Decision Indirectly Highlights Value of Post-Grant Challenges
Yesterday, the Supreme Court decided that the Federal Circuit’s “insolubly ambiguous” framework for analyzing indefiniteness was, well…. indefinite. In Nautilus Inc. v Biosig Instruments, Inc., the court found that “. . .the expressions “insolubly ambiguous” and “amenable to construction” permeate the Federal Circuit’s recent decisions concerning § 112, ¶2’s requirement [lexis.com subscribers may access Supreme Court briefs and the opinion for this case]. We agree with Nautilus and its amici that such terminology can leave courts and the patent bar at sea without a reliable compass” (here). In reversing the decision of the CAFC, the case was remanded with instructions to consider a re-calibrated standard. That is, whether the claims when read in light of the specification and prosecution history fail to inform, with reasonable certainty, the scope of the claims to one of skill in the relevant art. The new test, as discussed at length in the decision, emphasizes a more fact intensive analysis.
As pointed out in footnote 10 of the decision, the parties dispute over the proper weight to be accorded the underlying proofs (i.e., clear and convincing, or not), and the degree of deference to a previous post-grant determination of the USPTO, were left for another day—That day may be just around the corner.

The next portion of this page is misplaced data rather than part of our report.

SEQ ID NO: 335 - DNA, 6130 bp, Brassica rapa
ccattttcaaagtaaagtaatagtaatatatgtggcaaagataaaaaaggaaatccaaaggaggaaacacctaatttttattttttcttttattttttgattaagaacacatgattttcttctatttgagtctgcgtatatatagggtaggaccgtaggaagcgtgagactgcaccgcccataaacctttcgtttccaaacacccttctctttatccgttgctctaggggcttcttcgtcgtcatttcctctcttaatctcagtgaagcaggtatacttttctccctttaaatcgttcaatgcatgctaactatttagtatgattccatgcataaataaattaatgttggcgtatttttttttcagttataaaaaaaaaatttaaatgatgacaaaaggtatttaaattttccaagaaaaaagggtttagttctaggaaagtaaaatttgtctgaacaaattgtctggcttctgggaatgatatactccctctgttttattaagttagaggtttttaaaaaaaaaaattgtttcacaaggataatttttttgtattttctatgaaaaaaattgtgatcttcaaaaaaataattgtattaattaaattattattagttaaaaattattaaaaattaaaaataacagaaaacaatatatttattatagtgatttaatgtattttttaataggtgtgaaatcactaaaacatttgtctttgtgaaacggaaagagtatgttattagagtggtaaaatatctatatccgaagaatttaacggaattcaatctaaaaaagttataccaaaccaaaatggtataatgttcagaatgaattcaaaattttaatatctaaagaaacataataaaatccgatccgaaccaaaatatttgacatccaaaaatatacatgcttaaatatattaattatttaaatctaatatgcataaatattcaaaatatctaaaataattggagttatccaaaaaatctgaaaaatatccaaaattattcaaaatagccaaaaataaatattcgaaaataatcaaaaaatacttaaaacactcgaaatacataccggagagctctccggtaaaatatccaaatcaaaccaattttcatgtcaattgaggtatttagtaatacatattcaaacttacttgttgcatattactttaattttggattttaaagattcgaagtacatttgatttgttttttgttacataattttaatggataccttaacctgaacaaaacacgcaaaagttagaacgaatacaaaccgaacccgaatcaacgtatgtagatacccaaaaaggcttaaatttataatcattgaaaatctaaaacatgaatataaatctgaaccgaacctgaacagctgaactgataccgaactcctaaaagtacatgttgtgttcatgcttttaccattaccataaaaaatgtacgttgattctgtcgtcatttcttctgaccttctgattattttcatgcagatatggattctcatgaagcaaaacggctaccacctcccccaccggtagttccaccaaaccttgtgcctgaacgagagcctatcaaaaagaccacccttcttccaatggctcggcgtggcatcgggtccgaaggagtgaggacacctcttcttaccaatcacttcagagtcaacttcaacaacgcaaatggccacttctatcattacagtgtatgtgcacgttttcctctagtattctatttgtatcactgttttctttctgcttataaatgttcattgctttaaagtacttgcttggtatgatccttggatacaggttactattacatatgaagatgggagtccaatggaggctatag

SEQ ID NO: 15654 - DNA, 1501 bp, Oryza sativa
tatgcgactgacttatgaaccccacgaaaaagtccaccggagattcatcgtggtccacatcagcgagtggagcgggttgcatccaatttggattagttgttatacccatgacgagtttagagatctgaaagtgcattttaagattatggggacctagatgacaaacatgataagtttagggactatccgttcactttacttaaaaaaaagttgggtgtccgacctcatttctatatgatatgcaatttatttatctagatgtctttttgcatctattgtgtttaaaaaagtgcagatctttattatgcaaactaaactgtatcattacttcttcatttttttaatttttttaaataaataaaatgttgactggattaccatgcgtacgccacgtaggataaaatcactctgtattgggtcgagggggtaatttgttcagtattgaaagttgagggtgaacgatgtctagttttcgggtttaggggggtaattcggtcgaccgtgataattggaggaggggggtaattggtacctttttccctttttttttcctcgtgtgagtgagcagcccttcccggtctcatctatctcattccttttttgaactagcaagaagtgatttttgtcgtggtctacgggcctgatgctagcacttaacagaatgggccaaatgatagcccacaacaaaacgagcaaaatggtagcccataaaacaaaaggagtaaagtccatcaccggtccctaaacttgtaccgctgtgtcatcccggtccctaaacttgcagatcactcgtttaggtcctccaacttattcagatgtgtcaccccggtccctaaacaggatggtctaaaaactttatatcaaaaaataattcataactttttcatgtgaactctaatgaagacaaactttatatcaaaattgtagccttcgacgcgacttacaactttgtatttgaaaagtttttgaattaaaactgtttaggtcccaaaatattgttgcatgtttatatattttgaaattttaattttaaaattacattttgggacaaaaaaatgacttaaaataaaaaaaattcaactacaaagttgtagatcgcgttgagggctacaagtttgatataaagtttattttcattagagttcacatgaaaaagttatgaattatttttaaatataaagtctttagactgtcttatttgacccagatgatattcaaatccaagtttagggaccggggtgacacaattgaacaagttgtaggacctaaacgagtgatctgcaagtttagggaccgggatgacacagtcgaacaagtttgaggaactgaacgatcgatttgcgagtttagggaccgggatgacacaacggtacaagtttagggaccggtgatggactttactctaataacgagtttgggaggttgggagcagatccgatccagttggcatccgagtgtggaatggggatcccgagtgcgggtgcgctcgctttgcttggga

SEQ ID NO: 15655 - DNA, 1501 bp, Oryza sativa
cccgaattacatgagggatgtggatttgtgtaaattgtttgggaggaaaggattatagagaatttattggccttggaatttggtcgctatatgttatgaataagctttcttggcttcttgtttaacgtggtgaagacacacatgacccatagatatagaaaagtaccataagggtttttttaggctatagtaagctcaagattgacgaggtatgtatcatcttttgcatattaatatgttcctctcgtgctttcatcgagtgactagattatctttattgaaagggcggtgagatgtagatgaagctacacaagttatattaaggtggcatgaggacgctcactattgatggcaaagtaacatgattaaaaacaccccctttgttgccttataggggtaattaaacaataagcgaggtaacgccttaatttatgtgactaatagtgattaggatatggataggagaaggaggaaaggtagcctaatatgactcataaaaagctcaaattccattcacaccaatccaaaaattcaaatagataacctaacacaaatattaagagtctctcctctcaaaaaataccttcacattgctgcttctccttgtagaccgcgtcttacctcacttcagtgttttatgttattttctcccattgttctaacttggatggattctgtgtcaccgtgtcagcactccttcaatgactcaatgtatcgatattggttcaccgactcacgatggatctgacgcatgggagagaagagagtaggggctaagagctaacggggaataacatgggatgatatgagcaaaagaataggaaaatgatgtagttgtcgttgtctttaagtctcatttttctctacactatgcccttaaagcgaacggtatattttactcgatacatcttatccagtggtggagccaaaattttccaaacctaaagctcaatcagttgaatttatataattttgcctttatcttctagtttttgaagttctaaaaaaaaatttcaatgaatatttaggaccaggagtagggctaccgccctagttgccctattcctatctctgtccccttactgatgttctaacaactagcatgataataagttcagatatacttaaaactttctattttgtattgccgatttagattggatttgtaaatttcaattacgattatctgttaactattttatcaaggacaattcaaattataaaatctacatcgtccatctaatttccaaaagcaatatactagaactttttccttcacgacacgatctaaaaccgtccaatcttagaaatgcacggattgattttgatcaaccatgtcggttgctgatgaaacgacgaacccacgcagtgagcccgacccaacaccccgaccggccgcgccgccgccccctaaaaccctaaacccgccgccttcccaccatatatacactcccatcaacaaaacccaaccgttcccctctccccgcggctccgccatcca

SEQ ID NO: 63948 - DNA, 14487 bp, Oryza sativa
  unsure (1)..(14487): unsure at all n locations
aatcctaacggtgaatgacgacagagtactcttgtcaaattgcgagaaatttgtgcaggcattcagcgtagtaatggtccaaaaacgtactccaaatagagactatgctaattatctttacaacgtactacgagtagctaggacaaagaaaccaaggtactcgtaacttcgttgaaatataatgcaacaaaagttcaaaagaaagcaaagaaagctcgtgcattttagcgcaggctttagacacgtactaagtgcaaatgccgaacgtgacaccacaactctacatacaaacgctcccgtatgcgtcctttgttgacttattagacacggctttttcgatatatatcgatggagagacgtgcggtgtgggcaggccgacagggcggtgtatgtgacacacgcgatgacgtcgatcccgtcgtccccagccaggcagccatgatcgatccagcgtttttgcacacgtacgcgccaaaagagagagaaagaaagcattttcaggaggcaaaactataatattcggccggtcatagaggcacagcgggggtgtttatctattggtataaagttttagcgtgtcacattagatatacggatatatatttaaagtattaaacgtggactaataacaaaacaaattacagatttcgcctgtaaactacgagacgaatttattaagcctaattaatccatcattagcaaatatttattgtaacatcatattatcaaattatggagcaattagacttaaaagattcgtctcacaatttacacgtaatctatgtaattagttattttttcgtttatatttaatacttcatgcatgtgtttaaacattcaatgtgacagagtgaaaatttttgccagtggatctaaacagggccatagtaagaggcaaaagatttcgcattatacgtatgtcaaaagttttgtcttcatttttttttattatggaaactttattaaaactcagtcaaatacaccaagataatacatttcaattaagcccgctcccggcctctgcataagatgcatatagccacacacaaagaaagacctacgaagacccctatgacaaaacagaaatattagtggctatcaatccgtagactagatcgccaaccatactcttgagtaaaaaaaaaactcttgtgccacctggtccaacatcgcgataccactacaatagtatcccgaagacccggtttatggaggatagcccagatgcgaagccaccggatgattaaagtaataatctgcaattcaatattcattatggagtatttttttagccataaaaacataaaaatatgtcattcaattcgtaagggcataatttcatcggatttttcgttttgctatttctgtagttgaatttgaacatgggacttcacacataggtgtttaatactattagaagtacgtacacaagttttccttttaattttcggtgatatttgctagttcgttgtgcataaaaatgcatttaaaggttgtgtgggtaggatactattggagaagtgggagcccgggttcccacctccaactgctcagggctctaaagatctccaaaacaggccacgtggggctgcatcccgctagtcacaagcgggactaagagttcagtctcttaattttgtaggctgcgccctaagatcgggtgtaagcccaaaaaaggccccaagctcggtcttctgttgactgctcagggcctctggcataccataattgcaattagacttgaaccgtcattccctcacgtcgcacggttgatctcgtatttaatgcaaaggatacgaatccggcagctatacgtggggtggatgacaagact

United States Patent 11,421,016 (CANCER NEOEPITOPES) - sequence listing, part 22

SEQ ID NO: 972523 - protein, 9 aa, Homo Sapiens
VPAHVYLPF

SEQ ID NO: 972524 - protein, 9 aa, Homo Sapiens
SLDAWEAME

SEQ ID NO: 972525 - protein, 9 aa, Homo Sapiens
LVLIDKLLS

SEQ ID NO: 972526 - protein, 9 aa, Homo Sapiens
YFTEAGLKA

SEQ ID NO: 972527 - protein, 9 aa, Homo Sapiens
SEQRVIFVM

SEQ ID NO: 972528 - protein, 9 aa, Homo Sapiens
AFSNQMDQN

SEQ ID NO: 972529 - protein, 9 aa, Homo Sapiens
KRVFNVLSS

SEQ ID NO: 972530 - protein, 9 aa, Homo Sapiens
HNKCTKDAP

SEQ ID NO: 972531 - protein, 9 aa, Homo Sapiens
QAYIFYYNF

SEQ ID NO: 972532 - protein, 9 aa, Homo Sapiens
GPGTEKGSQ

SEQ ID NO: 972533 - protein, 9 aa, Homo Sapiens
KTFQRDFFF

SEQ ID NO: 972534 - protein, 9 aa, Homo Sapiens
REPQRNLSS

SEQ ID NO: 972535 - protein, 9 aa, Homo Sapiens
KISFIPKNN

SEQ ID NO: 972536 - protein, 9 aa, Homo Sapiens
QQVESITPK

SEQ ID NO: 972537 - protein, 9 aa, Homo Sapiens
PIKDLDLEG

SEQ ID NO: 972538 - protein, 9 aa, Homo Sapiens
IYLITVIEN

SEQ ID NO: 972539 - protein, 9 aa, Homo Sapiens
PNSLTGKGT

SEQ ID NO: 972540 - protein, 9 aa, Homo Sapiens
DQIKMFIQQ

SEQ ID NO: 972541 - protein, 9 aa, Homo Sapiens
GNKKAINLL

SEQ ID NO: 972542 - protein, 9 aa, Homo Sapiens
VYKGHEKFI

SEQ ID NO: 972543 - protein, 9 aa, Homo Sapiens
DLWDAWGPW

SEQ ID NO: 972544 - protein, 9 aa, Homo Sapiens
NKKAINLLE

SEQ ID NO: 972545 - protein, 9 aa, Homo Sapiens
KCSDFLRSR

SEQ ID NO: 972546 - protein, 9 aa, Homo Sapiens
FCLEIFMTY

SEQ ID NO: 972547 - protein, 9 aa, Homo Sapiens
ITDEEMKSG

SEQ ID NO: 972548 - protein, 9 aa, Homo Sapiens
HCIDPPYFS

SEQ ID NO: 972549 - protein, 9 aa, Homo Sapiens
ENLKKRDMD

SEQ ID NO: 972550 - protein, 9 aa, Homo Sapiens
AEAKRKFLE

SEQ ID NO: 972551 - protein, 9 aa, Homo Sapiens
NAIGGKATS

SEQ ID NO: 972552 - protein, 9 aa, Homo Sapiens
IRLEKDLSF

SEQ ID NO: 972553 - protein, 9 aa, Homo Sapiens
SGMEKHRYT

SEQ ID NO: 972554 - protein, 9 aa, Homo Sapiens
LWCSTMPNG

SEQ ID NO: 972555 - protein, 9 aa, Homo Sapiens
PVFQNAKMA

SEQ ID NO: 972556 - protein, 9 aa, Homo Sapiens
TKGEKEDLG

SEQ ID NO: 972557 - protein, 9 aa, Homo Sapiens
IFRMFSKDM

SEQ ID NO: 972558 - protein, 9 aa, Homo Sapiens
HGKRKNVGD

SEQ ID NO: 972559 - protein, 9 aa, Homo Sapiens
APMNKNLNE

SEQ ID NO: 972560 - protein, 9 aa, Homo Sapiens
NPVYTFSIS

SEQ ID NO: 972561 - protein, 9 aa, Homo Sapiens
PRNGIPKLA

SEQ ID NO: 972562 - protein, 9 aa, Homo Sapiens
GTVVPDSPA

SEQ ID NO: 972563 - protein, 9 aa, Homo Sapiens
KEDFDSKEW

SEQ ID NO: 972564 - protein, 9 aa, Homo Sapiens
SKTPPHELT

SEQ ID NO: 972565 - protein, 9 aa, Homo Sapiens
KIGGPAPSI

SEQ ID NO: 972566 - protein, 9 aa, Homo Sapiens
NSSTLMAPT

The patent, in this dispute (5,337,753) was reexamined at the USPTO in 2010. Due to its vintage, and the unavailability of the more robust AIA challenge options at the time, ex parte patent reexamination was the only option. While 112 challenges are not possible in patent reexamination outside of very limited circumstances, the issue was at least tangentially considered. In fact, a declaration of the inventor figured prominently in the briefing on indefiniteness to the courts. How the outcome of that patent reexamination proceeding will be weighed on remand remains to be seen. That said, the new AIA options, Post Grant Review (PGR), and Covered Business Method Review (CBM) will consider 112 grounds of unpatentability. Did Nautilus just make those options all the more attractive?
Aside from whether or not the courts apply a clear and convincing standard to 112 proofs (likely in my opinion), there is still the recent CAFC decision In re Packard. This decision suggests that the USPTO may apply a different, more liberal legal framework than the courts (See also Ex parte Miyazaki). In other words, patent challengers wishing to exploit a 112 ¶ 2 deficiency may find a USPTO post-grant proceeding more challenger friendly from both an evidentiary perspective (preponderance of evidence) and legal perspective.
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